With inexpensive auto-focus and image-stabilization cameras now widely available â€“ and PhotoShop at hand to rescue any less-than-successful effort â€“ even reporters could be trained to take some decent shots.
Throughout my entire reporting career, I took my own photos. That was many years before digital cameras or even PhotoShop. In fact, when push came to shove, I could go into the dark room and process my own prints.
That said, I’ve come around to believing that photographers, still photographers, are going to be quite employable in the news game for a long, long time yet. There’s no innovation yet that can replace a really good photographer.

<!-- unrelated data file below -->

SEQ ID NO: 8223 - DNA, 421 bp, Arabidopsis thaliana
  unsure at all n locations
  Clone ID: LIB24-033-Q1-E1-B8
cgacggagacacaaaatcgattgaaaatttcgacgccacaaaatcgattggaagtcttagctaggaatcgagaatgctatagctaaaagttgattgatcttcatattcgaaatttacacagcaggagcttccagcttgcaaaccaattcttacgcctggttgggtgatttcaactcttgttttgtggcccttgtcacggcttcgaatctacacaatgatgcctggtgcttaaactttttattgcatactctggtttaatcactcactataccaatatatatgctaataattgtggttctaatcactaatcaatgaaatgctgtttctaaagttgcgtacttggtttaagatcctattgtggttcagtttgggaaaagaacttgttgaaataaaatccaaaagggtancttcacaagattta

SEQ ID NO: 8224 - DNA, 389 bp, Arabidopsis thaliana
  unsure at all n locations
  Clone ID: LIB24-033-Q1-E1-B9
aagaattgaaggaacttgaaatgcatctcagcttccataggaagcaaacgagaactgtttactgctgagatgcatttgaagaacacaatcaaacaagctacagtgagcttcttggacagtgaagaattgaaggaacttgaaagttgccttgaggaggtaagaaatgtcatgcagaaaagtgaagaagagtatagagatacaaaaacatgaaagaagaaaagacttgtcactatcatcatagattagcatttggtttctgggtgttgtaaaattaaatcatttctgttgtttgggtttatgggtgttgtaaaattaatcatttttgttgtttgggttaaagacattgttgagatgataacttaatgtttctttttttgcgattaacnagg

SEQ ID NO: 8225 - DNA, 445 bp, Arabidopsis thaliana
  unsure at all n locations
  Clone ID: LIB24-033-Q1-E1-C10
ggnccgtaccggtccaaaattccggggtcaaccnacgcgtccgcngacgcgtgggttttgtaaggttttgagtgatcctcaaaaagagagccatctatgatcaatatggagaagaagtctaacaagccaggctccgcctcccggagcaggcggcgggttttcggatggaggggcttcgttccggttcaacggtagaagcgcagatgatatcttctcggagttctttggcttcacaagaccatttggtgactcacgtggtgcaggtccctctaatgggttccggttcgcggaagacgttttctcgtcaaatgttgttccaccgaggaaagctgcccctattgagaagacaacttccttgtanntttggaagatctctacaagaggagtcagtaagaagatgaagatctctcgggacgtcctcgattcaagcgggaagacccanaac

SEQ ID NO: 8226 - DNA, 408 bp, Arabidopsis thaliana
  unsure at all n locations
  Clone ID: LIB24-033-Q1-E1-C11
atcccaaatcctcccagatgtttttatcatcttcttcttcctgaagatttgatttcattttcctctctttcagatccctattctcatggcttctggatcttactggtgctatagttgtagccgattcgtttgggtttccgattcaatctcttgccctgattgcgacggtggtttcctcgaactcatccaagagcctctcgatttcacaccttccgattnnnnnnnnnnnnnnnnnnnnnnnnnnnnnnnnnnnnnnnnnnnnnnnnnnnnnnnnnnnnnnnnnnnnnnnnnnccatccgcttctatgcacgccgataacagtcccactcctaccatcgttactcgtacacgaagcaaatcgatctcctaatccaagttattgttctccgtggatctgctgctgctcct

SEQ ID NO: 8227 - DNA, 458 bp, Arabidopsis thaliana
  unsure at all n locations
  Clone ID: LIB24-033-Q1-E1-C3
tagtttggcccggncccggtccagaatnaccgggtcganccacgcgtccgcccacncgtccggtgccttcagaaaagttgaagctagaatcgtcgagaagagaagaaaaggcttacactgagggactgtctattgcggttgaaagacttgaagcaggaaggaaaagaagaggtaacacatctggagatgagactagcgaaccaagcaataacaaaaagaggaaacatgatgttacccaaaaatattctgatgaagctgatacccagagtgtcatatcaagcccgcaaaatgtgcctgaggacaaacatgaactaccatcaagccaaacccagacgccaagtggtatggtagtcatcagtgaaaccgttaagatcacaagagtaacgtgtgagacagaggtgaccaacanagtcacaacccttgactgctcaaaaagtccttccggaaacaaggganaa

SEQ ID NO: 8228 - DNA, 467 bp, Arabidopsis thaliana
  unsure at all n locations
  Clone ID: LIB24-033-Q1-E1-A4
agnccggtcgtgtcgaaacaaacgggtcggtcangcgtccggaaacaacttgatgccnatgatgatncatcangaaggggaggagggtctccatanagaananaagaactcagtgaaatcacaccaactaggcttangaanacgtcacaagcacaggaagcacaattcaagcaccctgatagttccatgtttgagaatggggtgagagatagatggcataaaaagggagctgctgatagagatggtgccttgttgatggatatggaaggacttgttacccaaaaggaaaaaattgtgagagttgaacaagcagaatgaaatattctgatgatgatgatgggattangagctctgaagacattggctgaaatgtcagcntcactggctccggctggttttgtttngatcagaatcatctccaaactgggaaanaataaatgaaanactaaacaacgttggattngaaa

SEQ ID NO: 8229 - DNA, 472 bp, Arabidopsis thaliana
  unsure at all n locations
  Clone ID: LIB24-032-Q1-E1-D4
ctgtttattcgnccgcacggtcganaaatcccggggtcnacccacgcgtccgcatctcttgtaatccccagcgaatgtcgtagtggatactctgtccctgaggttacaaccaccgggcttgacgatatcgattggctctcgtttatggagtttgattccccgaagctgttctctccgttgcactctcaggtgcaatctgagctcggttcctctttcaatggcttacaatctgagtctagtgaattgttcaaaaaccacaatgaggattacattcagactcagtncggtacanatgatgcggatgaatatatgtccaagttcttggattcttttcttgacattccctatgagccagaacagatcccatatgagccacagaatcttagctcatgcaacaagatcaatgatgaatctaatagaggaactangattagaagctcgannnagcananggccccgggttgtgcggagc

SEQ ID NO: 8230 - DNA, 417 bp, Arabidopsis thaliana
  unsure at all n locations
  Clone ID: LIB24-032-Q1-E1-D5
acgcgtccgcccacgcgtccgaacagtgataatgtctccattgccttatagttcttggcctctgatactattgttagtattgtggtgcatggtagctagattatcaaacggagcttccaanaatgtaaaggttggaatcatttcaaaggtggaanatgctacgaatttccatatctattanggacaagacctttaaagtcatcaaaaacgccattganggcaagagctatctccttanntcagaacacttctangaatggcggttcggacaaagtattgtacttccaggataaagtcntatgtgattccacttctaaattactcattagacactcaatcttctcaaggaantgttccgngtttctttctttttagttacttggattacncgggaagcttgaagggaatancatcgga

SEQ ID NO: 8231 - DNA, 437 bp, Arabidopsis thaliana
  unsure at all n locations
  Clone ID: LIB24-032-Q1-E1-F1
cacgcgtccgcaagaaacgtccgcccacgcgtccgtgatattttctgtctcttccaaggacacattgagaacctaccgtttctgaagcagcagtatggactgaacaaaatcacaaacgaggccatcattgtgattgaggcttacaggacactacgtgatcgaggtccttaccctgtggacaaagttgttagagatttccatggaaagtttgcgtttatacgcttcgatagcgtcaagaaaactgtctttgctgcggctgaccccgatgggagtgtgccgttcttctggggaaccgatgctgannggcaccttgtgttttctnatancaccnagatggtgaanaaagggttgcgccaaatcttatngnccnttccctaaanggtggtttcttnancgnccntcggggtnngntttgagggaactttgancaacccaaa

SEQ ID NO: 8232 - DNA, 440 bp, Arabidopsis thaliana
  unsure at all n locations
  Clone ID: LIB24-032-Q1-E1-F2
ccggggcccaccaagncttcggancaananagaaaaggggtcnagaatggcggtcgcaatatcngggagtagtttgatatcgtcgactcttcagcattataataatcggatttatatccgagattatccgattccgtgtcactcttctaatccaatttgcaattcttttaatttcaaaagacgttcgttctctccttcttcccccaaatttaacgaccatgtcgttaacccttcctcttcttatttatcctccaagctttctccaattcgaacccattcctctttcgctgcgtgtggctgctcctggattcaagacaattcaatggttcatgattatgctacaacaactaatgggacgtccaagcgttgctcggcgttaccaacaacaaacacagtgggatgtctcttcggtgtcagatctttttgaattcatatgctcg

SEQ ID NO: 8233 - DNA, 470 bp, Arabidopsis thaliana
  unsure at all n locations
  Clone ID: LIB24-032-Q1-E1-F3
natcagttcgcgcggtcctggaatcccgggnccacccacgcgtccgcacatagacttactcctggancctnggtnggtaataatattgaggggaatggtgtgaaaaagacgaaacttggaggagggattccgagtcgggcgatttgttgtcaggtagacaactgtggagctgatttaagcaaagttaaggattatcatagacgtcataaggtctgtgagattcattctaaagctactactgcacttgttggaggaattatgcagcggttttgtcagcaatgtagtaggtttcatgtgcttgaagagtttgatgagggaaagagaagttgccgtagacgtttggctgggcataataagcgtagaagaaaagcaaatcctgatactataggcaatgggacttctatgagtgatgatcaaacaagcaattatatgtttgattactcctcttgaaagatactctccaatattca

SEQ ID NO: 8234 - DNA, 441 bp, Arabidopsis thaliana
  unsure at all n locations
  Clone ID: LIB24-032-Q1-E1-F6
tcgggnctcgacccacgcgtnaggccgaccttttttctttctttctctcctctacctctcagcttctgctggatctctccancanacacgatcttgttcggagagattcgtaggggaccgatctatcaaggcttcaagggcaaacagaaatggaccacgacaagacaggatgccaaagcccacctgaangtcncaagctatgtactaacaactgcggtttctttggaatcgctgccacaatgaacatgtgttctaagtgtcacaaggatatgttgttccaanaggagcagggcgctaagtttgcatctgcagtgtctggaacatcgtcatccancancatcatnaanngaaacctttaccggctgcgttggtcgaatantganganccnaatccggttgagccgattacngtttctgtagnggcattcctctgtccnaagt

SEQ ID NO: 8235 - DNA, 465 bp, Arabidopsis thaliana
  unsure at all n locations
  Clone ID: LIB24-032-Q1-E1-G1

Alfred Eisenstaedt – â€œOnce the amateur’s naive approach and humble willingness to learn fades away, the creative spirit of good photography dies with it. Every professional should remain always in his heart an amateur.â€
Two links were cut off from the previous comment:
http://www.spymedia.com/ pays a small fee for people to go and shoot “assignments”.
http://www.scoopt.com/ is also an interesting citizen-photo site.
in other words, just take pictures of everything (well …) and be plesantly surprised by the real life that you capture. that’s how I do it. I’ve taken pictures my whole time as a reporter. There’s only been one I’ve worked with who could kick my ass with his eyes closed and all his fingers broken. I enjoy my camera 10 years into using it professionally. Partly that’s the instant gratification of being there, picture done assignment done, rather than being there, now write the thing (with hopefully a conflict and a lede already in mind).
Then there’s the beauty